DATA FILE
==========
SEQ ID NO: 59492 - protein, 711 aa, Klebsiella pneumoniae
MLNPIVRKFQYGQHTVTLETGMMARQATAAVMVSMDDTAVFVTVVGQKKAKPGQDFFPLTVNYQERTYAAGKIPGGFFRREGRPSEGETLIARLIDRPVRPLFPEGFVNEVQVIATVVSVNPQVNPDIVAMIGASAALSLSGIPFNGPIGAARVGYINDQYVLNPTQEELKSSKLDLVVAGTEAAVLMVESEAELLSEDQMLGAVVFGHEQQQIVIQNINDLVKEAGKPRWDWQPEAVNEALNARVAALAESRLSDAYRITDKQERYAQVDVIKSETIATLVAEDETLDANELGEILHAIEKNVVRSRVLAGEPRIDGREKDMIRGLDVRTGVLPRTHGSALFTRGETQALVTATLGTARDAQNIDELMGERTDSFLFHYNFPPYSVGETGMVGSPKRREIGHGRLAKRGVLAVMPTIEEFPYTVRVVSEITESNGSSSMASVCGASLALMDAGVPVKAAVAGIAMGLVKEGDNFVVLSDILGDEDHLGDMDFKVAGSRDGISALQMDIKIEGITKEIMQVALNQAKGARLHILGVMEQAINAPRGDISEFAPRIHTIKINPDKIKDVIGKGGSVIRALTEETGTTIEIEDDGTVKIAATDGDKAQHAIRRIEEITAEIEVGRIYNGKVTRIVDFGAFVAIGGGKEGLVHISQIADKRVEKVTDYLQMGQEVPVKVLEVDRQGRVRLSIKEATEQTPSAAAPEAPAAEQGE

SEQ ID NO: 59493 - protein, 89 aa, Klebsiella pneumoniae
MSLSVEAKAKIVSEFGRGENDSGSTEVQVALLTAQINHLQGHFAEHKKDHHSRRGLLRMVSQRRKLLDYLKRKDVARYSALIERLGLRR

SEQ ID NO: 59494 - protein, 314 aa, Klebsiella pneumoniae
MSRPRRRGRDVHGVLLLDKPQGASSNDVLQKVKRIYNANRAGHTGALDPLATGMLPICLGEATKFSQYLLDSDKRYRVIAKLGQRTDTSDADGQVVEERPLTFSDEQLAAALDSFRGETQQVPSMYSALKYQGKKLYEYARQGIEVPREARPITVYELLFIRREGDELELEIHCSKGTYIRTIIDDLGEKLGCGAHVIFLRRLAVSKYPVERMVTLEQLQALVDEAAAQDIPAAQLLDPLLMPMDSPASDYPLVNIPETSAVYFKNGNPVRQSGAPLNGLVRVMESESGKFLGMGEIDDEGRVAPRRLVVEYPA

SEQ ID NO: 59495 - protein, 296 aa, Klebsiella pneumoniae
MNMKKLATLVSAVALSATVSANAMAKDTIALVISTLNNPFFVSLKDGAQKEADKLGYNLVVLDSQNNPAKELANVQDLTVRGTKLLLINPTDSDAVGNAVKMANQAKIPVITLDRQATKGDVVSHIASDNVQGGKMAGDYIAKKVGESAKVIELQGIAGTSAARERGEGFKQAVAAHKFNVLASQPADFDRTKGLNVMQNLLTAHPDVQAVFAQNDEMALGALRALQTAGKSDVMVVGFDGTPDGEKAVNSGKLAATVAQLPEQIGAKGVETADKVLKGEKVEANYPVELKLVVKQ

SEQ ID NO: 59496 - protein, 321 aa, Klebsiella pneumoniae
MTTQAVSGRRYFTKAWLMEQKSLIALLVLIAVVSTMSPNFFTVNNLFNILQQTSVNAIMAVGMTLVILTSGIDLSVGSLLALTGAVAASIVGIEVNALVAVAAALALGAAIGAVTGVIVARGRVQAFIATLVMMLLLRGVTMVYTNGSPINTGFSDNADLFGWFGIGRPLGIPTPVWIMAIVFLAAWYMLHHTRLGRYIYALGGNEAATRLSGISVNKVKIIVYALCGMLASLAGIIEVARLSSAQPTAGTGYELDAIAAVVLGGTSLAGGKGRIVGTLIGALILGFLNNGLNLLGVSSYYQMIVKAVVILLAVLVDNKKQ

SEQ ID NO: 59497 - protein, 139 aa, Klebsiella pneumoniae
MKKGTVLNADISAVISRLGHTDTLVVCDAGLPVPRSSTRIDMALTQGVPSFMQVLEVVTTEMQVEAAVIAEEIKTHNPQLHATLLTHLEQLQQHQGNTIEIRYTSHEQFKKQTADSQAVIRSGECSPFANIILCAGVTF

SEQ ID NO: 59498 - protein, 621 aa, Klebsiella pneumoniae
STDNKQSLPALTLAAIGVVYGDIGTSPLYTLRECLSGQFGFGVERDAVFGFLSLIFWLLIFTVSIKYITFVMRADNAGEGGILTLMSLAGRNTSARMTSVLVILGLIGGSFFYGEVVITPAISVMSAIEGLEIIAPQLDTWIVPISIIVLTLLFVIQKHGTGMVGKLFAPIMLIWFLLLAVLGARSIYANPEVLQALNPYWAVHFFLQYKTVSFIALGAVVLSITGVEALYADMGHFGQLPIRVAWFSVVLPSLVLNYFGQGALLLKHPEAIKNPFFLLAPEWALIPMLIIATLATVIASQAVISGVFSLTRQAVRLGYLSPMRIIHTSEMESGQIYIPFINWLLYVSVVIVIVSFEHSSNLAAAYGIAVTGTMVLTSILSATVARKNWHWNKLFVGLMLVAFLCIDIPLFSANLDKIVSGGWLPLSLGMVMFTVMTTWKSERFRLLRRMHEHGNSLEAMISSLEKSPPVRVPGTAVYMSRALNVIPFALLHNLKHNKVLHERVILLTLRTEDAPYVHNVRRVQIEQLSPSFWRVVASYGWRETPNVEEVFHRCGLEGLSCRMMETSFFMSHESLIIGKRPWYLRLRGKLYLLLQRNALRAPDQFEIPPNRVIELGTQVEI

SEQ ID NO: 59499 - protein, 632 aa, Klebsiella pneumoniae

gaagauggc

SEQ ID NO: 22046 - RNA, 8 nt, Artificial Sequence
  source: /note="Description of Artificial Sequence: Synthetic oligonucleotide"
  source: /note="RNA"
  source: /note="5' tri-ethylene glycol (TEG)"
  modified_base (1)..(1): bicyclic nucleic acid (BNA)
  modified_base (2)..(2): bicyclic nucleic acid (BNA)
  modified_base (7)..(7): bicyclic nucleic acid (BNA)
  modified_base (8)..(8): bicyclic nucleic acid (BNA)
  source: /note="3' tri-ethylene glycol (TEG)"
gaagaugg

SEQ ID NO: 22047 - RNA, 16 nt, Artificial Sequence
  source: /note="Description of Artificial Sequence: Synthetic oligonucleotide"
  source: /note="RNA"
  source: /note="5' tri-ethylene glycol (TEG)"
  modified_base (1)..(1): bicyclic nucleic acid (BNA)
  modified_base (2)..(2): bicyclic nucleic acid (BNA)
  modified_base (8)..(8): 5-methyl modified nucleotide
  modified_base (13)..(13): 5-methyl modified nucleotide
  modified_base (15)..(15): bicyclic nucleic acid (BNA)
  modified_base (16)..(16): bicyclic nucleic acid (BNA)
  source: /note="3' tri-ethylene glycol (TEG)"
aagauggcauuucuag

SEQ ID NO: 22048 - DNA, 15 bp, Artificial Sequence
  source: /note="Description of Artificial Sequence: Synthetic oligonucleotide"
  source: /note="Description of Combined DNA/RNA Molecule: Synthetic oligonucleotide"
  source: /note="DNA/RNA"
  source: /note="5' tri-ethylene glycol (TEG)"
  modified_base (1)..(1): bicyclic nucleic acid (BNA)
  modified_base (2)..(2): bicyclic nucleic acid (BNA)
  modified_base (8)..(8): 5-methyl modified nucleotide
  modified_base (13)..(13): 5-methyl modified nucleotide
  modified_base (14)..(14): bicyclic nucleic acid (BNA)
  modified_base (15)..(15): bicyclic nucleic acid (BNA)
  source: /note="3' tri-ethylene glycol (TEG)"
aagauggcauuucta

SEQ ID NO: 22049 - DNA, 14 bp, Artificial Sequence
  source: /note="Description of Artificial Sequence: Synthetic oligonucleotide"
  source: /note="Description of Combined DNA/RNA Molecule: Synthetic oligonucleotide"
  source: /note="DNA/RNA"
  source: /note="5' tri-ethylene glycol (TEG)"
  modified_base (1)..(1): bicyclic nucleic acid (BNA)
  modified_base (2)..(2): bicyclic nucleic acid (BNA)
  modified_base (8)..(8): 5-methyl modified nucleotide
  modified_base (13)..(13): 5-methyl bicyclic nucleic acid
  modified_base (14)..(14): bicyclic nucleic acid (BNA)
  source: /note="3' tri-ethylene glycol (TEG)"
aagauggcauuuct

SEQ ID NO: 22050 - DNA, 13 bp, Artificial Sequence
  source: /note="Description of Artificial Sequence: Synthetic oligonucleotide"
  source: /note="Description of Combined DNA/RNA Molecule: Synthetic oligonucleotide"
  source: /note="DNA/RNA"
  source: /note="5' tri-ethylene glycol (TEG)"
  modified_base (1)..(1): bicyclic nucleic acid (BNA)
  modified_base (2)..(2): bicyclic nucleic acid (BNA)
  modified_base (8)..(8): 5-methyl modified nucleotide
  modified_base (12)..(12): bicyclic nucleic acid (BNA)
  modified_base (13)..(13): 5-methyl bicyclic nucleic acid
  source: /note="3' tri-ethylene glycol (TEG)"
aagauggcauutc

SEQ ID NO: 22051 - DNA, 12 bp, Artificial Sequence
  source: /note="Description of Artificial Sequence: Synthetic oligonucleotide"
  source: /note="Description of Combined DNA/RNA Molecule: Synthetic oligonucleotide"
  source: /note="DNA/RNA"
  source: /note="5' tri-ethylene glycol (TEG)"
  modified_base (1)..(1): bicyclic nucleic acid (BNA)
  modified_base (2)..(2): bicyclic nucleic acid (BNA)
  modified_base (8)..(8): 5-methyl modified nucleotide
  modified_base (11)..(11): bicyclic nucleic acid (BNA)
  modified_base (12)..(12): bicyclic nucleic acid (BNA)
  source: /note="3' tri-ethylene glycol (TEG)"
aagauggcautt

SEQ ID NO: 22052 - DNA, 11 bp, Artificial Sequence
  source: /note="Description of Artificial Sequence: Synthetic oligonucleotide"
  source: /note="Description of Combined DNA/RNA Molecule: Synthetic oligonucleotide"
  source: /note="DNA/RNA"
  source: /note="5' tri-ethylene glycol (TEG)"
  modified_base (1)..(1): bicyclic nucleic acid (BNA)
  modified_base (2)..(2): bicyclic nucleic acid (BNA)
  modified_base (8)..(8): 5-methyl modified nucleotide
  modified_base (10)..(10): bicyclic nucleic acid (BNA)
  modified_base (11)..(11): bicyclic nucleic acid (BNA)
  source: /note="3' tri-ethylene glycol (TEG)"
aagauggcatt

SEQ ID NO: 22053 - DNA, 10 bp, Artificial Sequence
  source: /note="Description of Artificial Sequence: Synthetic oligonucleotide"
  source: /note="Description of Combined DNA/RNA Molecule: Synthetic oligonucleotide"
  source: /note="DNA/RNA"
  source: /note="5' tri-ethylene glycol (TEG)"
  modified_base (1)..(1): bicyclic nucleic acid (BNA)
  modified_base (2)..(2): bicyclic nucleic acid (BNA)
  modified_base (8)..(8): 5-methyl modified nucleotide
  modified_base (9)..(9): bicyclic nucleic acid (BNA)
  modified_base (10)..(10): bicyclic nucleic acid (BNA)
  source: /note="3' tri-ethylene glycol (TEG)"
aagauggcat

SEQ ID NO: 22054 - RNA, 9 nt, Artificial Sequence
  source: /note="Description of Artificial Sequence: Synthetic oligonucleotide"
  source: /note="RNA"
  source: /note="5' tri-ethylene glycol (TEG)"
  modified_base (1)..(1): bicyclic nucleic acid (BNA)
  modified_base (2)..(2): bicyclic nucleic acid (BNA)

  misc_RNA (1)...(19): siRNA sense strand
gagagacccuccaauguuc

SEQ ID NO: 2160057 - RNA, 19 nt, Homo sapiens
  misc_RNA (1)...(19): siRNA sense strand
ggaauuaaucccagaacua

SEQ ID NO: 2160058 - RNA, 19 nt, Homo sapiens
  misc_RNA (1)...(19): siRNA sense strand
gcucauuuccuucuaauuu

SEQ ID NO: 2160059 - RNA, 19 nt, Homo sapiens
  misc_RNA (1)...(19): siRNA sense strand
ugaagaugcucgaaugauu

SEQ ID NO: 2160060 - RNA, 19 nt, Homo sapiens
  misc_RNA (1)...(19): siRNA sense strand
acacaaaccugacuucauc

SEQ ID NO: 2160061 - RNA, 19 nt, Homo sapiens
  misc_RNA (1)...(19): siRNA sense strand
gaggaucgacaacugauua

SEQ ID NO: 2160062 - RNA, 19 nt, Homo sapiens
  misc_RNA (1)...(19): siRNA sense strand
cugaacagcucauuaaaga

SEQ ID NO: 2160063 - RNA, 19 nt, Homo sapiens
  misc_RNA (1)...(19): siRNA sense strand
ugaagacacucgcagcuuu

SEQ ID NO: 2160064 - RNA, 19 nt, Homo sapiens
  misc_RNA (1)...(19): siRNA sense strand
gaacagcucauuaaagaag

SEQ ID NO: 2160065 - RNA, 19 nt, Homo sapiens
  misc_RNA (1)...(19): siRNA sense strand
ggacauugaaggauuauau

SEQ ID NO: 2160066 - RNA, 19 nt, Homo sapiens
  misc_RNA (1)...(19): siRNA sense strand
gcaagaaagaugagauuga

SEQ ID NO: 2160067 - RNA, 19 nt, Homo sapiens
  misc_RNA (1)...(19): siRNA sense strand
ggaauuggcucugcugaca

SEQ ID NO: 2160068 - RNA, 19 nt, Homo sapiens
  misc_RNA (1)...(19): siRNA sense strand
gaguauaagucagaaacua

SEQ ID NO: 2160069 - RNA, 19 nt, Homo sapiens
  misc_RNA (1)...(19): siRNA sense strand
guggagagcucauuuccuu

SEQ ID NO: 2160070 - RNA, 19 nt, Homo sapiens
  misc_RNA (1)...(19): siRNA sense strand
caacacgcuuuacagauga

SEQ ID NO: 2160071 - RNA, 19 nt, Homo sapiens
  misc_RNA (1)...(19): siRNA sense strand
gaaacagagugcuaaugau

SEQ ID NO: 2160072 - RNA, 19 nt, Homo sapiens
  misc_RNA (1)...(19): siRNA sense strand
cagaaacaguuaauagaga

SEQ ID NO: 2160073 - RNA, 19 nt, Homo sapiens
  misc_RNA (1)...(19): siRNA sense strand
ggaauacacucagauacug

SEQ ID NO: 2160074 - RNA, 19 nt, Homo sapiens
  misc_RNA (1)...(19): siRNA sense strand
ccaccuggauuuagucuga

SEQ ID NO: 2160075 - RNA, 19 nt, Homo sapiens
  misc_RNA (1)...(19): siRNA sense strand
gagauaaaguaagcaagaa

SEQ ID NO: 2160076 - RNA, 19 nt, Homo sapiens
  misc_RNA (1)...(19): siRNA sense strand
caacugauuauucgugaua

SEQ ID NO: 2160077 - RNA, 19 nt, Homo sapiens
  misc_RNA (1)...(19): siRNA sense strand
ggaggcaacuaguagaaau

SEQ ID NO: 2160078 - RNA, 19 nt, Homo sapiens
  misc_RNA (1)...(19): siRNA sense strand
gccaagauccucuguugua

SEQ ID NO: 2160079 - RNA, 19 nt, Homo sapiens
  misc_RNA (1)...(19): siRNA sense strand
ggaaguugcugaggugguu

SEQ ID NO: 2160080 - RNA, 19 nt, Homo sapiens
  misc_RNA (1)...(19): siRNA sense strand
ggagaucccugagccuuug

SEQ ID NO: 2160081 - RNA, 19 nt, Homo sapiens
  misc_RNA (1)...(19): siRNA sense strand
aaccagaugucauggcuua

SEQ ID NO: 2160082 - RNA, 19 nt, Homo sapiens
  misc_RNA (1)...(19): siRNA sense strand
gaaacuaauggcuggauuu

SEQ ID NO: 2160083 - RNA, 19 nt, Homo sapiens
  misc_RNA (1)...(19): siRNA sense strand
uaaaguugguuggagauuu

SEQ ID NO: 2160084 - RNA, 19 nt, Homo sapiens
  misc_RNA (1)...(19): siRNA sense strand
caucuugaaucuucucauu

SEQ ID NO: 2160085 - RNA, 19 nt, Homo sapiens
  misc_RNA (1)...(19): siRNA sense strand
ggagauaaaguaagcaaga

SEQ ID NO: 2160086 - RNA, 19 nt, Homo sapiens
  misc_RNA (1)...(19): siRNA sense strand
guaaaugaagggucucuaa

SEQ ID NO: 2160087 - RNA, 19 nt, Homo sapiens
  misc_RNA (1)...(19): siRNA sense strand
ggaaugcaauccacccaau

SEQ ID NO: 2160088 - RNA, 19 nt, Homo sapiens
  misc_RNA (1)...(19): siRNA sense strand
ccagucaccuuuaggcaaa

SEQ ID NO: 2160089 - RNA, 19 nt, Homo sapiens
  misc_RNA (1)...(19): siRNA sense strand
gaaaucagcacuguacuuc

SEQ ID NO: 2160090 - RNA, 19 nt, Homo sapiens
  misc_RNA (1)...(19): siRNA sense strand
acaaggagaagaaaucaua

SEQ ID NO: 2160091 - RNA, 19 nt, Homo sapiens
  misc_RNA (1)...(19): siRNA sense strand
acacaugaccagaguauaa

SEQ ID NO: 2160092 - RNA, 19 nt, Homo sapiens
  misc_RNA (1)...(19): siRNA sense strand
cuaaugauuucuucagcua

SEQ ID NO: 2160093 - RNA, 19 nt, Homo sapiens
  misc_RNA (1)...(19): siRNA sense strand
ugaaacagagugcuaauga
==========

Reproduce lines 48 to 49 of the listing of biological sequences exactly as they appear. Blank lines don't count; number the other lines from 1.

  modified_base (14)..(14): bicyclic nucleic acid (BNA)
  modified_base (15)..(15): bicyclic nucleic acid (BNA)